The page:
23 January 2006 Extreme adaptive optics testbed: performance and characterization of a 1024-MEMS deformable mirror
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We have demonstrated that a microelectrical mechanical systems (MEMS) deformable mirror can be flattened to < 1 nm RMS within controllable spatial frequencies over a 9.2-mm aperture making it a viable option for high-contrast adaptive optics systems (also known as Extreme Adaptive Optics). The Extreme Adaptive Optics Testbed at UC Santa Cruz is being used to investigate and develop technologies for high-contrast imaging, especially wavefront control. A phase shifting diffraction interferometer (PSDI) measures wavefront errors with sub-nm precision and accuracy for metrology and wavefront control. Consistent flattening, required testing and characterization of the individual actuator response, including the effects of dead and low-response actuators. Stability and repeatability of the MEMS devices was also tested. An error budget for MEMS closed loop performance will summarize MEMS characterization.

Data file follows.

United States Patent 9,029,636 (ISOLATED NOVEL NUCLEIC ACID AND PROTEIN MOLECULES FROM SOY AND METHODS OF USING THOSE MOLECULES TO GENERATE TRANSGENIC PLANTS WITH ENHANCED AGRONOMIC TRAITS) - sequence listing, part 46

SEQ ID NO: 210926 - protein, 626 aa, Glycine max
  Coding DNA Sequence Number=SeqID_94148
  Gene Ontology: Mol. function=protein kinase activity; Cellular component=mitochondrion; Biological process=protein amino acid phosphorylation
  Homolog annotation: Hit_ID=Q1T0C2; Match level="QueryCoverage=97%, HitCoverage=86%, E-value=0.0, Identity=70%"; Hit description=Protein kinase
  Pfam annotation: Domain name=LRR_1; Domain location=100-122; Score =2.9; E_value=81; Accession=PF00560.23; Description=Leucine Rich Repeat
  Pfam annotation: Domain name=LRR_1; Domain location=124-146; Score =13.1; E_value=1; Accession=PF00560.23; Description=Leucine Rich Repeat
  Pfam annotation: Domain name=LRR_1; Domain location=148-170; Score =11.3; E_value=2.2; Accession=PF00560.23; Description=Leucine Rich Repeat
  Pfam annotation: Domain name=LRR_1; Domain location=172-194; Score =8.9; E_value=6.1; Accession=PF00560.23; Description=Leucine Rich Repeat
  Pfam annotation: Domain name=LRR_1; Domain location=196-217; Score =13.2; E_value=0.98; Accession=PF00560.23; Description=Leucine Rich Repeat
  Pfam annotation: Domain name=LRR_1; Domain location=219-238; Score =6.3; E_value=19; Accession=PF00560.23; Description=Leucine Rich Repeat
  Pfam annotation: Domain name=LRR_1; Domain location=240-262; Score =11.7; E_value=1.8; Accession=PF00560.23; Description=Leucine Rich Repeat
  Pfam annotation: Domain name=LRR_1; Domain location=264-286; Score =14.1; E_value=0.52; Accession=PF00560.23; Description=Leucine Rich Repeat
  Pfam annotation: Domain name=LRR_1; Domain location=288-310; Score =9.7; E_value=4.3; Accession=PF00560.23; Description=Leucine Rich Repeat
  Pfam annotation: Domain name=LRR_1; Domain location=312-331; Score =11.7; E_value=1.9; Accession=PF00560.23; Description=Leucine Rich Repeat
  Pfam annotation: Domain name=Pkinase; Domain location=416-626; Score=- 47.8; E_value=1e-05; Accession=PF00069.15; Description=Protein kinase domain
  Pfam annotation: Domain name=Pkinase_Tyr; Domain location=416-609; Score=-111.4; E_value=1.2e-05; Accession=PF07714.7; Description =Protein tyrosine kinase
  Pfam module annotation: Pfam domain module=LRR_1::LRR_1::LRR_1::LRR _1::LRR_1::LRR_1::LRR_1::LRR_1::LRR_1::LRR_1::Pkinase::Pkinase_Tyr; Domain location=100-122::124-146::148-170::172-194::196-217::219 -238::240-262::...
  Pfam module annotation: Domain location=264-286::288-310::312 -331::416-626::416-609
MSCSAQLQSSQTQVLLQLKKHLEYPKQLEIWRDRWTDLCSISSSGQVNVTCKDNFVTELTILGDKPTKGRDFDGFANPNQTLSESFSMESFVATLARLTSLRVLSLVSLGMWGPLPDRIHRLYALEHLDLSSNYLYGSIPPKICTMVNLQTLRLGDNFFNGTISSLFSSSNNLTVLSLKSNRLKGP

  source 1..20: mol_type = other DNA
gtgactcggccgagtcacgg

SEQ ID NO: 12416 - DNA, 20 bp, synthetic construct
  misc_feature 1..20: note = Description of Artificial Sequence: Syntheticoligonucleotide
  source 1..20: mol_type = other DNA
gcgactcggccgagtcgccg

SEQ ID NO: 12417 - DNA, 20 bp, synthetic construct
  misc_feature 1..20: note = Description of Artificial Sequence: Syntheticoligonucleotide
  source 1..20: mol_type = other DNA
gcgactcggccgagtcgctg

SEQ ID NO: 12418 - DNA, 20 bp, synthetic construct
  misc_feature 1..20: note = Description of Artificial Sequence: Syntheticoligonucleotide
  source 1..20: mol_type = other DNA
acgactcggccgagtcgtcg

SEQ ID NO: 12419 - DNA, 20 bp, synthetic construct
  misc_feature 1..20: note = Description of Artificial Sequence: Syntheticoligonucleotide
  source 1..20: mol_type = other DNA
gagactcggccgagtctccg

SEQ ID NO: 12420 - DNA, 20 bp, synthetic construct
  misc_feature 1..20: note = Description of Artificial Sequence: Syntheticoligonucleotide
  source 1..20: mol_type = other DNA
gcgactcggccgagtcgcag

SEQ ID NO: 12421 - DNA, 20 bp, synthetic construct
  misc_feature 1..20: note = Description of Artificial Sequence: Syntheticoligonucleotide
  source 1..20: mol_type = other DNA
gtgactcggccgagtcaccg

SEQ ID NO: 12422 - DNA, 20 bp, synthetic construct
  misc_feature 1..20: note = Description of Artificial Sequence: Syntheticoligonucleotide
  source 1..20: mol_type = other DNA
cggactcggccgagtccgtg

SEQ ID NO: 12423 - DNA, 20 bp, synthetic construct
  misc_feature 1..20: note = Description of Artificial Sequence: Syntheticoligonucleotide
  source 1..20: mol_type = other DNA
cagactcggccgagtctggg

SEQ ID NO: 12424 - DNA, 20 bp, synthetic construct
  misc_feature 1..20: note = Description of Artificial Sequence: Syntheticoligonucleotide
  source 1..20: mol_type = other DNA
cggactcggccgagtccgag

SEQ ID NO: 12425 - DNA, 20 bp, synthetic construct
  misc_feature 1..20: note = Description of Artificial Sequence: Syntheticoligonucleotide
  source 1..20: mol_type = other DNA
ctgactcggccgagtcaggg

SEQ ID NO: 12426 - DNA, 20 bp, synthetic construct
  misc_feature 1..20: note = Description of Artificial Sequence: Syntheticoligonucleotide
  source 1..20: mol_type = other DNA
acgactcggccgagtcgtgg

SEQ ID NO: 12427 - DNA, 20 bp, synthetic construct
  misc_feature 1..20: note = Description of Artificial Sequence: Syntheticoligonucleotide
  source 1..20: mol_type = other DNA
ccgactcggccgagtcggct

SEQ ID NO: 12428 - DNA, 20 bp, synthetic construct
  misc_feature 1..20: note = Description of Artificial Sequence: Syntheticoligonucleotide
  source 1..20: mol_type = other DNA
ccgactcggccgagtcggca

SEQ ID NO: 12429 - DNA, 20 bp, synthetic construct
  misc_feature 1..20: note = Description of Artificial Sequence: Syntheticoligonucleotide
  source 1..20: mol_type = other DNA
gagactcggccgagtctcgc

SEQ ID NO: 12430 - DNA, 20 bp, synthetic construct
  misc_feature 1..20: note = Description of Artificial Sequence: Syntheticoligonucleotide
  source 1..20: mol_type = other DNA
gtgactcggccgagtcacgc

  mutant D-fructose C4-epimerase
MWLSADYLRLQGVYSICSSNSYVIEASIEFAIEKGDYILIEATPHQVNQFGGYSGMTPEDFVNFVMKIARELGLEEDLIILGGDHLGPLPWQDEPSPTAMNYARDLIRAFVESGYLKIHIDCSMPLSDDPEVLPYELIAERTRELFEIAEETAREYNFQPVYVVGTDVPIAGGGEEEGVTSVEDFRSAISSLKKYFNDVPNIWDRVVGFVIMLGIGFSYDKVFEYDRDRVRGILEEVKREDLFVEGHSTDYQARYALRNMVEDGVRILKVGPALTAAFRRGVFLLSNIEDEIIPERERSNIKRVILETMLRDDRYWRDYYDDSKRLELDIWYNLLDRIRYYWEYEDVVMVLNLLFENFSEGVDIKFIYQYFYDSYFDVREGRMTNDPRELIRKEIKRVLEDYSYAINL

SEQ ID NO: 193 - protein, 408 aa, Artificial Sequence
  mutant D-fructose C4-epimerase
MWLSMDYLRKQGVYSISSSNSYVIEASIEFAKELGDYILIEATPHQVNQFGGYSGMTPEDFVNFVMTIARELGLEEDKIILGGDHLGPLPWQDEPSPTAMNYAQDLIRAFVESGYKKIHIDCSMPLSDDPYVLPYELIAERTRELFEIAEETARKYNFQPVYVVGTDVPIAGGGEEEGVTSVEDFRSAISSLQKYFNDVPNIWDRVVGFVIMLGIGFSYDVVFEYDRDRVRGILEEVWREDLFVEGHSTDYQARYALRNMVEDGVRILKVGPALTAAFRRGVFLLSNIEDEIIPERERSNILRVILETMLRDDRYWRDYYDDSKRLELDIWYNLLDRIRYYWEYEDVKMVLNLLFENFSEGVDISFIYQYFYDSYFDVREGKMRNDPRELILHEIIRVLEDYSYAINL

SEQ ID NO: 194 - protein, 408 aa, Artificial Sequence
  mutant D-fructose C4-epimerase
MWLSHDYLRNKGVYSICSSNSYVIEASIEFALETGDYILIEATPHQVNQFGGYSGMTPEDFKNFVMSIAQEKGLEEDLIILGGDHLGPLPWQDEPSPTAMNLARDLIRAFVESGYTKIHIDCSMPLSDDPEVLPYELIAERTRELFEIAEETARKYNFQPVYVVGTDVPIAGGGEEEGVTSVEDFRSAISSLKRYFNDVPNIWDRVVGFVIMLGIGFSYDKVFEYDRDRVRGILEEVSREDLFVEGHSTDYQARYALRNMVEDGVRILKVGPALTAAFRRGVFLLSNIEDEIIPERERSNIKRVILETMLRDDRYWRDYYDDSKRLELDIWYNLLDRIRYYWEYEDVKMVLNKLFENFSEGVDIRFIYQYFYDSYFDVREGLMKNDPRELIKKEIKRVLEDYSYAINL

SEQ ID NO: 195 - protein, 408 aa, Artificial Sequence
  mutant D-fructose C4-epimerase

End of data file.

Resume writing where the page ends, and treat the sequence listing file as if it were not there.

© (2006) COPYRIGHT Society of Photo-Optical Instrumentation Engineers (SPIE). Downloading of the abstract is permitted for personal use only.
Julia W. Evans, Julia W. Evans, Katie Morzinski, Katie Morzinski, Scott Severson, Scott Severson, Lisa Poyneer, Lisa Poyneer, Bruce Macintosh, Bruce Macintosh, Daren Dillon, Daren Dillon, Layra Reza, Layra Reza, Donald Gavel, Donald Gavel, David Palmer, David Palmer, Scot Olivier, Scot Olivier, Paul Bierden, Paul Bierden, "Extreme adaptive optics testbed: performance and characterization of a 1024-MEMS deformable mirror", Proc. SPIE 6113, MEMS/MOEMS Components and Their Applications III, 61130I (23 January 2006); doi: 10.1117/12.648977; https://doi.org/10.1117/12.648977

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